InfluÃªncia da demanda atencional e instruÃ§Ã£o no teste levantar, caminhar e sentar
Abstract: The activities of standing, walking and sitting performed in association with other tasks (e.g., holding an object) are very common in our everyday lives. The performance of these concurrent tasks may require greater attentional demand. Therefore, the aim of the current study was to evaluate the performance of young healthy adults on the "Timed Up and Go" (TUG) test on the dual task paradigm. Twelve young adults performed the TUG test in four conditions: a) no secondary task; b) with a task of holding a tube with both hands without defined attentional focus; c) holding the tube with internal attentional focus (i.e., minimize the hands motion); and, d) holding the tube with external attentional focus (i.e., minimize the movement of a light from a laser pointer fixed to the tube which reflected on a target placed on the wall). A digital chronometer was used to record the time taken to complete the tests. The time spent in the conditions with secundary task relative to the original TUG test was also analyzed. The movement variability of the tube was assessed by recording the kinematics of markers placed on the lateral side of the tube. Analyses of variance were used to compare the total and relative time and tube variability across conditions. More time was necessary to complete the TUG test when specific instruction about the secondary task was given, mainly when related to the movement of the tube (external focus). However, the variability of the tube was also smallest in that condition. Therefore, the addition of a secondary task (holding a tube) affects the performance of TUG only when specific instructions on the attentional focus are given in particular about external effects of the secondary task.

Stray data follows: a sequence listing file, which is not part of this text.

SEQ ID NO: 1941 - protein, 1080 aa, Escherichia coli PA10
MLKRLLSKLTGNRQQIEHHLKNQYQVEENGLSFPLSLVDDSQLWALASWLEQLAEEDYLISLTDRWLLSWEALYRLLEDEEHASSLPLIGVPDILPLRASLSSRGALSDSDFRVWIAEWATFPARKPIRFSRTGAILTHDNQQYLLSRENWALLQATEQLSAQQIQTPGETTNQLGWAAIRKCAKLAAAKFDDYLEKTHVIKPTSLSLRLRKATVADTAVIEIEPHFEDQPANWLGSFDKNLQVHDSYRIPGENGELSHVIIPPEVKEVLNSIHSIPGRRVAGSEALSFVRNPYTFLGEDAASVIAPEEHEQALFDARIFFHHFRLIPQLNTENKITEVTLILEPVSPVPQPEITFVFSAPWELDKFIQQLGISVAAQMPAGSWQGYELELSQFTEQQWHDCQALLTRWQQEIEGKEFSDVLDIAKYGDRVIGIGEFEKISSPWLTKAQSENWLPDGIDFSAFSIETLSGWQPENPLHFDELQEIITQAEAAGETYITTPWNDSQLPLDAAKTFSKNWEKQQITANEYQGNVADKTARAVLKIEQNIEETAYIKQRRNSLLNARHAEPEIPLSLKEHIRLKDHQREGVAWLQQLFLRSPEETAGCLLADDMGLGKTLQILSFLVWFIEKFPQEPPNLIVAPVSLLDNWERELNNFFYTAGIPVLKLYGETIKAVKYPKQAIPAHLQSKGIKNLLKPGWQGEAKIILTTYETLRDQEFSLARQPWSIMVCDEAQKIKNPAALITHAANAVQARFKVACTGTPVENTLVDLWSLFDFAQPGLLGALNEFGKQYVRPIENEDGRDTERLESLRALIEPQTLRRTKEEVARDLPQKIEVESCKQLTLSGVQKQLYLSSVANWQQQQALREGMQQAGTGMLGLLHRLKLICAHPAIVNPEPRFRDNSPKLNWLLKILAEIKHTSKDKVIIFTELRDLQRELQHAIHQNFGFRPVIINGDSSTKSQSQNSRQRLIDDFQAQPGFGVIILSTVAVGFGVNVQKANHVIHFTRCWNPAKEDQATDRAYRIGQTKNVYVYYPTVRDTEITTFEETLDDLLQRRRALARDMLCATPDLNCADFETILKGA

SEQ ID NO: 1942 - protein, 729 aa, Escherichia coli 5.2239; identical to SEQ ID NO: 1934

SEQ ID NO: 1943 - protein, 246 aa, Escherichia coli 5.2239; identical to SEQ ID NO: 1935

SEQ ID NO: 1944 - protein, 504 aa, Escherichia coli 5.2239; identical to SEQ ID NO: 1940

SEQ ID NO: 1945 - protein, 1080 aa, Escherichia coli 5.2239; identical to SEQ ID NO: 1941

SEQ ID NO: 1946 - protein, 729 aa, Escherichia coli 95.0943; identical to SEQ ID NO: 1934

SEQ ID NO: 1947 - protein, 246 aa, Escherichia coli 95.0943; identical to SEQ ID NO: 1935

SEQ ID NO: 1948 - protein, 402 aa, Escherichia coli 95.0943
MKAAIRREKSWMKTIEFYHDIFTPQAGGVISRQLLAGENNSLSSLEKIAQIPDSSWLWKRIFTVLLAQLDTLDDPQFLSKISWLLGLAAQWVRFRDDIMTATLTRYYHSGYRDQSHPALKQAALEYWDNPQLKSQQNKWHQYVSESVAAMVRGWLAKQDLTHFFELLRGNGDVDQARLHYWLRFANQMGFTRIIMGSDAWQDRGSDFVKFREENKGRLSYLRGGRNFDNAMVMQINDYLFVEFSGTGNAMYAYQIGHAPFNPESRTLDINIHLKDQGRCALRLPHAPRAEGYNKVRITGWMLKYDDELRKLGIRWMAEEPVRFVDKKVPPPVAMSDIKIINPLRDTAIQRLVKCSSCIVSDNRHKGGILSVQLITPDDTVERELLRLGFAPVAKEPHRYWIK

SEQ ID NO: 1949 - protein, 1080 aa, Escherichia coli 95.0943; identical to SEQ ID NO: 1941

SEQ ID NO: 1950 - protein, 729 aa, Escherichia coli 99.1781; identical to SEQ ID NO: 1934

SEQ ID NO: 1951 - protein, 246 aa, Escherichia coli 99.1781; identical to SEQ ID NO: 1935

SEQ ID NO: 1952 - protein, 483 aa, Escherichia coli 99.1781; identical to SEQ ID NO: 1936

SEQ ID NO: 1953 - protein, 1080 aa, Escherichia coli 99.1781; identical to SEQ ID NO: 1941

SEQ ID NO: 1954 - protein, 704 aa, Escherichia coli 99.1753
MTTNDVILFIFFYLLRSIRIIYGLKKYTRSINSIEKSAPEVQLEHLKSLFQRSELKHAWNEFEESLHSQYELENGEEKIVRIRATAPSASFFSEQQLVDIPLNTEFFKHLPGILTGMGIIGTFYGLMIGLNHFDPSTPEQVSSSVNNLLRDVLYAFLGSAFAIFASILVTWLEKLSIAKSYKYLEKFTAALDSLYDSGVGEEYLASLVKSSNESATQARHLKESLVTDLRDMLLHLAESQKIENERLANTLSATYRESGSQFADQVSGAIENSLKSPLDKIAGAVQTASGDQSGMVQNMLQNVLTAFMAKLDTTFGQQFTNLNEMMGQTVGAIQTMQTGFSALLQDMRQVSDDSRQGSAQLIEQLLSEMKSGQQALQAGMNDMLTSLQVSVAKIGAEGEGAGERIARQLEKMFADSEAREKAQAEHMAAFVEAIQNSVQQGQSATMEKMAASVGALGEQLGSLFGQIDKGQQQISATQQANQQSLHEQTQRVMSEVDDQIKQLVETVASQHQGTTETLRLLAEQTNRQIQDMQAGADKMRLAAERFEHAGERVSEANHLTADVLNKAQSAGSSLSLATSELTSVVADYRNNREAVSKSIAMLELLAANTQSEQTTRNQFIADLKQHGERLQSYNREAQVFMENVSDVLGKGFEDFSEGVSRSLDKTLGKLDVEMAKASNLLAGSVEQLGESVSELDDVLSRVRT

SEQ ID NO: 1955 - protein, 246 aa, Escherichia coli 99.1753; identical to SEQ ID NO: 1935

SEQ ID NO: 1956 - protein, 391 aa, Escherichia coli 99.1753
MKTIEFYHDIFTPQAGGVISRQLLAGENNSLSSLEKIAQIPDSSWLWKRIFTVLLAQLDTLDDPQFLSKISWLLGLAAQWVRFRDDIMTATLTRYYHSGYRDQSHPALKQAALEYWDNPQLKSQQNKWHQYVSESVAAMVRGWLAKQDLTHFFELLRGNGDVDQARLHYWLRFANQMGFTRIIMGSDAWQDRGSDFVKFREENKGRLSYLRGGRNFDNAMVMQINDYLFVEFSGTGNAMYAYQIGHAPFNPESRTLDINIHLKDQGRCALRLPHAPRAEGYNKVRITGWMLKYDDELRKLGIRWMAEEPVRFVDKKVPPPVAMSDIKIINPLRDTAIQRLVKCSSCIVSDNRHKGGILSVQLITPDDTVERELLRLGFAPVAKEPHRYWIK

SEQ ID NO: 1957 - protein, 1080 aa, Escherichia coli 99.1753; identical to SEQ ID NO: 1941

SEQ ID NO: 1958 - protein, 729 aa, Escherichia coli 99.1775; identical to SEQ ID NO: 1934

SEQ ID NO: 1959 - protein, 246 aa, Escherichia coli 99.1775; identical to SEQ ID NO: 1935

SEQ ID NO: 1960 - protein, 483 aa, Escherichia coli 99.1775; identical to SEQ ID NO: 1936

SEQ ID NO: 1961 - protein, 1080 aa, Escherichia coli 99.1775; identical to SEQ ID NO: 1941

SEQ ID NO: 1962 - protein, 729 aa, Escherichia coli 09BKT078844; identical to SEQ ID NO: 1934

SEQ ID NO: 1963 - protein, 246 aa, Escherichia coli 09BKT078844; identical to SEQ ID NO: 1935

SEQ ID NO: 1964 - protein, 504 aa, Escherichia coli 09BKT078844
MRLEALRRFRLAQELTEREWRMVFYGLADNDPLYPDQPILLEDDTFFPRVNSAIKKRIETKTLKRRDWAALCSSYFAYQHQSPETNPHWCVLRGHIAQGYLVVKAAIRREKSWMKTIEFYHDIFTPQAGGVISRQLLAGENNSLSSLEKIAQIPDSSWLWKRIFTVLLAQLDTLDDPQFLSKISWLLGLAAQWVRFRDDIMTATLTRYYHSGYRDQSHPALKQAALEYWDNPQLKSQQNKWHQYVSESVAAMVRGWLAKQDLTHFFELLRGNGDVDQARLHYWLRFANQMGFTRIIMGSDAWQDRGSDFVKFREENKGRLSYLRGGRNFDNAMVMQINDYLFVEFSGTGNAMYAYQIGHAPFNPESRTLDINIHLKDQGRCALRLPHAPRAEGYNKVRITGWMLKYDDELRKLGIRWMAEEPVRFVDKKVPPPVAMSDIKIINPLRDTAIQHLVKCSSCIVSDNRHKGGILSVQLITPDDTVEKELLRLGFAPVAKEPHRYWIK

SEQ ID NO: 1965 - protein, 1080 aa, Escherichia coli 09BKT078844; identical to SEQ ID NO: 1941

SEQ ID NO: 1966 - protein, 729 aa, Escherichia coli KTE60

Key Words: Time up and Go test, dual task, attentional focus, secondary tasks.
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